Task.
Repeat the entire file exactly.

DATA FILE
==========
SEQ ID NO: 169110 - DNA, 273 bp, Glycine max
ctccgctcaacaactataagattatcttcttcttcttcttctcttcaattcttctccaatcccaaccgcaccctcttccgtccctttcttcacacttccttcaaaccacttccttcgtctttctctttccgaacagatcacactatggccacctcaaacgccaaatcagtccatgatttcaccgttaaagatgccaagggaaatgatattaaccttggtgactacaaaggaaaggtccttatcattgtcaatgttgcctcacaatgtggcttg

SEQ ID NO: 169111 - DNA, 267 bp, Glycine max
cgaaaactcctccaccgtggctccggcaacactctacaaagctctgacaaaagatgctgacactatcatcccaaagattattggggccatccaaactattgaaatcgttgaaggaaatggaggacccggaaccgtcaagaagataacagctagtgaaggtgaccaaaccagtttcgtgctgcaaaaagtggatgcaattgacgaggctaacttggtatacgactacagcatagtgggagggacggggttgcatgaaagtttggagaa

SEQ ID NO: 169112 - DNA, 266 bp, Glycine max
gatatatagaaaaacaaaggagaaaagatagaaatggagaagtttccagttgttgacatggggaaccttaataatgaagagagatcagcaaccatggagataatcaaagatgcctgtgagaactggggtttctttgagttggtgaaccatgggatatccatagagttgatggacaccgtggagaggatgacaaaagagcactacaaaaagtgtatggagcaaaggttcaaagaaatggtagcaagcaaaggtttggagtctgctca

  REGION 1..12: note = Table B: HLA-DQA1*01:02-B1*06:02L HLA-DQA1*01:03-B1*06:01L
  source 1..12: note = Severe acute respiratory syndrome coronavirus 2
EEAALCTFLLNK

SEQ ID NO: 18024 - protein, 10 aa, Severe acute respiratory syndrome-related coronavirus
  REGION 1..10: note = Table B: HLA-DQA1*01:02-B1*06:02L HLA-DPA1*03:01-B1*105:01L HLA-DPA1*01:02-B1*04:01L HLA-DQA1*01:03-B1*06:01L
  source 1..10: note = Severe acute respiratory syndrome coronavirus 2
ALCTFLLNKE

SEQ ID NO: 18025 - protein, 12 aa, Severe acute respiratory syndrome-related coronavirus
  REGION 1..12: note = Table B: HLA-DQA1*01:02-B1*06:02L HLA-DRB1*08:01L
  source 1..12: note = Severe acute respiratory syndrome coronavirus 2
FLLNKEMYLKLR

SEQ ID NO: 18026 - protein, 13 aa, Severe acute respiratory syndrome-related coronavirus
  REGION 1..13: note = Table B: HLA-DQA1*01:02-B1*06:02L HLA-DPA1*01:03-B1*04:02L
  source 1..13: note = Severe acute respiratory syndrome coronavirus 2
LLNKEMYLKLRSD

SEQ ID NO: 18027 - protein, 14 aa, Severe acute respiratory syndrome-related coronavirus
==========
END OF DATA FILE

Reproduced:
SEQ ID NO: 169110 - DNA, 273 bp, Glycine max
ctccgctcaacaactataagattatcttcttcttcttcttctcttcaattcttctccaatcccaaccgcaccctcttccgtccctttcttcacacttccttcaaaccacttccttcgtctttctctttccgaacagatcacactatggccacctcaaacgccaaatcagtccatgatttcaccgttaaagatgccaagggaaatgatattaaccttggtgactacaaaggaaaggtccttatcattgtcaatgttgcctcacaatgtggcttg

SEQ ID NO: 169111 - DNA, 267 bp, Glycine max
cgaaaactcctccaccgtggctccggcaacactctacaaagctctgacaaaagatgctgacactatcatcccaaagattattggggccatccaaactattgaaatcgttgaaggaaatggaggacccggaaccgtcaagaagataacagctagtgaaggtgaccaaaccagtttcgtgctgcaaaaagtggatgcaattgacgaggctaacttggtatacgactacagcatagtgggagggacggggttgcatgaaagtttggagaa

SEQ ID NO: 169112 - DNA, 266 bp, Glycine max
gatatatagaaaaacaaaggagaaaagatagaaatggagaagtttccagttgttgacatggggaaccttaataatgaagagagatcagcaaccatggagataatcaaagatgcctgtgagaactggggtttctttgagttggtgaaccatgggatatccatagagttgatggacaccgtggagaggatgacaaaagagcactacaaaaagtgtatggagcaaaggttcaaagaaatggtagcaagcaaaggtttggagtctgctca

  REGION 1..12: note = Table B: HLA-DQA1*01:02-B1*06:02L HLA-DQA1*01:03-B1*06:01L
  source 1..12: note = Severe acute respiratory syndrome coronavirus 2
EEAALCTFLLNK

SEQ ID NO: 18024 - protein, 10 aa, Severe acute respiratory syndrome-related coronavirus
  REGION 1..10: note = Table B: HLA-DQA1*01:02-B1*06:02L HLA-DPA1*03:01-B1*105:01L HLA-DPA1*01:02-B1*04:01L HLA-DQA1*01:03-B1*06:01L
  source 1..10: note = Severe acute respiratory syndrome coronavirus 2
ALCTFLLNKE

SEQ ID NO: 18025 - protein, 12 aa, Severe acute respiratory syndrome-related coronavirus
  REGION 1..12: note = Table B: HLA-DQA1*01:02-B1*06:02L HLA-DRB1*08:01L
  source 1..12: note = Severe acute respiratory syndrome coronavirus 2
FLLNKEMYLKLR

SEQ ID NO: 18026 - protein, 13 aa, Severe acute respiratory syndrome-related coronavirus
  REGION 1..13: note = Table B: HLA-DQA1*01:02-B1*06:02L HLA-DPA1*01:03-B1*04:02L
  source 1..13: note = Severe acute respiratory syndrome coronavirus 2
LLNKEMYLKLRSD

SEQ ID NO: 18027 - protein, 14 aa, Severe acute respiratory syndrome-related coronavirus